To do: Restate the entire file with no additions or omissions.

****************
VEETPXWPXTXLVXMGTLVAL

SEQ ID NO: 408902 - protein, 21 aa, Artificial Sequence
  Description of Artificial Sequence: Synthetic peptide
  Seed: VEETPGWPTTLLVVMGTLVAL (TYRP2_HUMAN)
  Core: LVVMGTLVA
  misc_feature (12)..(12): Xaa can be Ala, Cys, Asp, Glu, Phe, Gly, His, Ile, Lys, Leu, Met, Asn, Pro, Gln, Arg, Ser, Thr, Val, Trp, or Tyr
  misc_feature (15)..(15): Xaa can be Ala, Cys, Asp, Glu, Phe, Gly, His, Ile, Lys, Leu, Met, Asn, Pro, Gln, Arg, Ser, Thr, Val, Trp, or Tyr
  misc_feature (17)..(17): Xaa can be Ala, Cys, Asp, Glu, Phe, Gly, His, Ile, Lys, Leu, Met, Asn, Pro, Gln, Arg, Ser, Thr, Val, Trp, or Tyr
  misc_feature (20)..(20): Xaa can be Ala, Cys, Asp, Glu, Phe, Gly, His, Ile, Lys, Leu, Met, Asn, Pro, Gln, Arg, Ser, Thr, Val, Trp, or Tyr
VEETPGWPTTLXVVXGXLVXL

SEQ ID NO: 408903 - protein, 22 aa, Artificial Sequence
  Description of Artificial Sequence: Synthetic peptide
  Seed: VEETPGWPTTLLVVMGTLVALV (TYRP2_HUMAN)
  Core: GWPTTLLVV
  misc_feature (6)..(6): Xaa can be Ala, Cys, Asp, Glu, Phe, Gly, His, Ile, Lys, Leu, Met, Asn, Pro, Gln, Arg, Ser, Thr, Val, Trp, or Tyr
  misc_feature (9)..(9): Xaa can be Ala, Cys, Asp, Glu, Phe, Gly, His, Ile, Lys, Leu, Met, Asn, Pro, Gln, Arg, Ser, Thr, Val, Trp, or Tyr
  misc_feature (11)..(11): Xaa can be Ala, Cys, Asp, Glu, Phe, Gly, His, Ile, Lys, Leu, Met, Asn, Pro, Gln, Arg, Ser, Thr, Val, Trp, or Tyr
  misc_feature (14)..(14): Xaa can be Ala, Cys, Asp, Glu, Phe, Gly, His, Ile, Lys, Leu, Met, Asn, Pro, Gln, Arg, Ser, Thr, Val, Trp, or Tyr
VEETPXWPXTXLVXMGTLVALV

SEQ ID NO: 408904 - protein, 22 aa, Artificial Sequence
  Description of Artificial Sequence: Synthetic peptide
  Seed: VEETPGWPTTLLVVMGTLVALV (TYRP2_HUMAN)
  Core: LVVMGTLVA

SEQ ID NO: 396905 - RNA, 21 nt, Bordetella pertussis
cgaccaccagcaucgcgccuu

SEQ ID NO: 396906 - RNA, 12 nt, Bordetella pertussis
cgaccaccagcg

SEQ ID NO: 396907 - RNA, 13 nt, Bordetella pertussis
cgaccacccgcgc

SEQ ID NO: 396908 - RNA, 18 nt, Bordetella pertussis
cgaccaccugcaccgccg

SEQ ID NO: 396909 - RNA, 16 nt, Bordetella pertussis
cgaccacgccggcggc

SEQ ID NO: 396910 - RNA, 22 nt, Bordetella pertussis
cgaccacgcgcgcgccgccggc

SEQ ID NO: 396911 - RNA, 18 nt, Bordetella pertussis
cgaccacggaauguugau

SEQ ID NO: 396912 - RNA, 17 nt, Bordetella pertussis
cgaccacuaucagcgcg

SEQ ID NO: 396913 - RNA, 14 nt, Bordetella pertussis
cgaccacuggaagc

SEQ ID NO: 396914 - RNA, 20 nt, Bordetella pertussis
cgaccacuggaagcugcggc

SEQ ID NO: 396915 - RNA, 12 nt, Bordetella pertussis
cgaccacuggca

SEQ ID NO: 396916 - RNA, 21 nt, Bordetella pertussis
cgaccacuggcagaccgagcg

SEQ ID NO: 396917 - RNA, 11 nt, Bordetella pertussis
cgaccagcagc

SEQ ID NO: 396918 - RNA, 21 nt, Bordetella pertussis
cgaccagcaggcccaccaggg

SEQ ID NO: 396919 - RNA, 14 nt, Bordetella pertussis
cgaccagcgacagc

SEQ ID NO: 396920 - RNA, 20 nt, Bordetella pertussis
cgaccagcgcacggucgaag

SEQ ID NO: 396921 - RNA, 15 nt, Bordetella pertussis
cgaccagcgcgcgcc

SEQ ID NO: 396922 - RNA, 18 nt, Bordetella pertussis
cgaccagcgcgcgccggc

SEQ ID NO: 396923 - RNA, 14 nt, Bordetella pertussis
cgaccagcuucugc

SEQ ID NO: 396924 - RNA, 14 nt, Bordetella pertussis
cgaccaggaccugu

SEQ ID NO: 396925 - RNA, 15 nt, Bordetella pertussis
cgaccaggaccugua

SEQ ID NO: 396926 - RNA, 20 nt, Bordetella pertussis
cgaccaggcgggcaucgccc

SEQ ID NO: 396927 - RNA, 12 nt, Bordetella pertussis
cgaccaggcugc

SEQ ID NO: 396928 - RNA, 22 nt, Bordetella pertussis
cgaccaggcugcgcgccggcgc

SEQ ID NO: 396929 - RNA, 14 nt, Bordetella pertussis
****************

VEETPXWPXTXLVXMGTLVAL

SEQ ID NO: 408902 - protein, 21 aa, Artificial Sequence
  Description of Artificial Sequence: Synthetic peptide
  Seed: VEETPGWPTTLLVVMGTLVAL (TYRP2_HUMAN)
  Core: LVVMGTLVA
  misc_feature (12)..(12): Xaa can be Ala, Cys, Asp, Glu, Phe, Gly, His, Ile, Lys, Leu, Met, Asn, Pro, Gln, Arg, Ser, Thr, Val, Trp, or Tyr
  misc_feature (15)..(15): Xaa can be Ala, Cys, Asp, Glu, Phe, Gly, His, Ile, Lys, Leu, Met, Asn, Pro, Gln, Arg, Ser, Thr, Val, Trp, or Tyr
  misc_feature (17)..(17): Xaa can be Ala, Cys, Asp, Glu, Phe, Gly, His, Ile, Lys, Leu, Met, Asn, Pro, Gln, Arg, Ser, Thr, Val, Trp, or Tyr
  misc_feature (20)..(20): Xaa can be Ala, Cys, Asp, Glu, Phe, Gly, His, Ile, Lys, Leu, Met, Asn, Pro, Gln, Arg, Ser, Thr, Val, Trp, or Tyr
VEETPGWPTTLXVVXGXLVXL

SEQ ID NO: 408903 - protein, 22 aa, Artificial Sequence
  Description of Artificial Sequence: Synthetic peptide
  Seed: VEETPGWPTTLLVVMGTLVALV (TYRP2_HUMAN)
  Core: GWPTTLLVV
  misc_feature (6)..(6): Xaa can be Ala, Cys, Asp, Glu, Phe, Gly, His, Ile, Lys, Leu, Met, Asn, Pro, Gln, Arg, Ser, Thr, Val, Trp, or Tyr
  misc_feature (9)..(9): Xaa can be Ala, Cys, Asp, Glu, Phe, Gly, His, Ile, Lys, Leu, Met, Asn, Pro, Gln, Arg, Ser, Thr, Val, Trp, or Tyr
  misc_feature (11)..(11): Xaa can be Ala, Cys, Asp, Glu, Phe, Gly, His, Ile, Lys, Leu, Met, Asn, Pro, Gln, Arg, Ser, Thr, Val, Trp, or Tyr
  misc_feature (14)..(14): Xaa can be Ala, Cys, Asp, Glu, Phe, Gly, His, Ile, Lys, Leu, Met, Asn, Pro, Gln, Arg, Ser, Thr, Val, Trp, or Tyr
VEETPXWPXTXLVXMGTLVALV

SEQ ID NO: 408904 - protein, 22 aa, Artificial Sequence
  Description of Artificial Sequence: Synthetic peptide
  Seed: VEETPGWPTTLLVVMGTLVALV (TYRP2_HUMAN)
  Core: LVVMGTLVA

SEQ ID NO: 396905 - RNA, 21 nt, Bordetella pertussis
cgaccaccagcaucgcgccuu

SEQ ID NO: 396906 - RNA, 12 nt, Bordetella pertussis
cgaccaccagcg

SEQ ID NO: 396907 - RNA, 13 nt, Bordetella pertussis
cgaccacccgcgc

SEQ ID NO: 396908 - RNA, 18 nt, Bordetella pertussis
cgaccaccugcaccgccg

SEQ ID NO: 396909 - RNA, 16 nt, Bordetella pertussis
cgaccacgccggcggc

SEQ ID NO: 396910 - RNA, 22 nt, Bordetella pertussis
cgaccacgcgcgcgccgccggc

SEQ ID NO: 396911 - RNA, 18 nt, Bordetella pertussis
cgaccacggaauguugau

SEQ ID NO: 396912 - RNA, 17 nt, Bordetella pertussis
cgaccacuaucagcgcg

SEQ ID NO: 396913 - RNA, 14 nt, Bordetella pertussis
cgaccacuggaagc

SEQ ID NO: 396914 - RNA, 20 nt, Bordetella pertussis
cgaccacuggaagcugcggc

SEQ ID NO: 396915 - RNA, 12 nt, Bordetella pertussis
cgaccacuggca

SEQ ID NO: 396916 - RNA, 21 nt, Bordetella pertussis
cgaccacuggcagaccgagcg

SEQ ID NO: 396917 - RNA, 11 nt, Bordetella pertussis
cgaccagcagc

SEQ ID NO: 396918 - RNA, 21 nt, Bordetella pertussis
cgaccagcaggcccaccaggg

SEQ ID NO: 396919 - RNA, 14 nt, Bordetella pertussis
cgaccagcgacagc

SEQ ID NO: 396920 - RNA, 20 nt, Bordetella pertussis
cgaccagcgcacggucgaag

SEQ ID NO: 396921 - RNA, 15 nt, Bordetella pertussis
cgaccagcgcgcgcc

SEQ ID NO: 396922 - RNA, 18 nt, Bordetella pertussis
cgaccagcgcgcgccggc

SEQ ID NO: 396923 - RNA, 14 nt, Bordetella pertussis
cgaccagcuucugc

SEQ ID NO: 396924 - RNA, 14 nt, Bordetella pertussis
cgaccaggaccugu

SEQ ID NO: 396925 - RNA, 15 nt, Bordetella pertussis
cgaccaggaccugua

SEQ ID NO: 396926 - RNA, 20 nt, Bordetella pertussis
cgaccaggcgggcaucgccc

SEQ ID NO: 396927 - RNA, 12 nt, Bordetella pertussis
cgaccaggcugc

SEQ ID NO: 396928 - RNA, 22 nt, Bordetella pertussis
cgaccaggcugcgcgccggcgc

SEQ ID NO: 396929 - RNA, 14 nt, Bordetella pertussis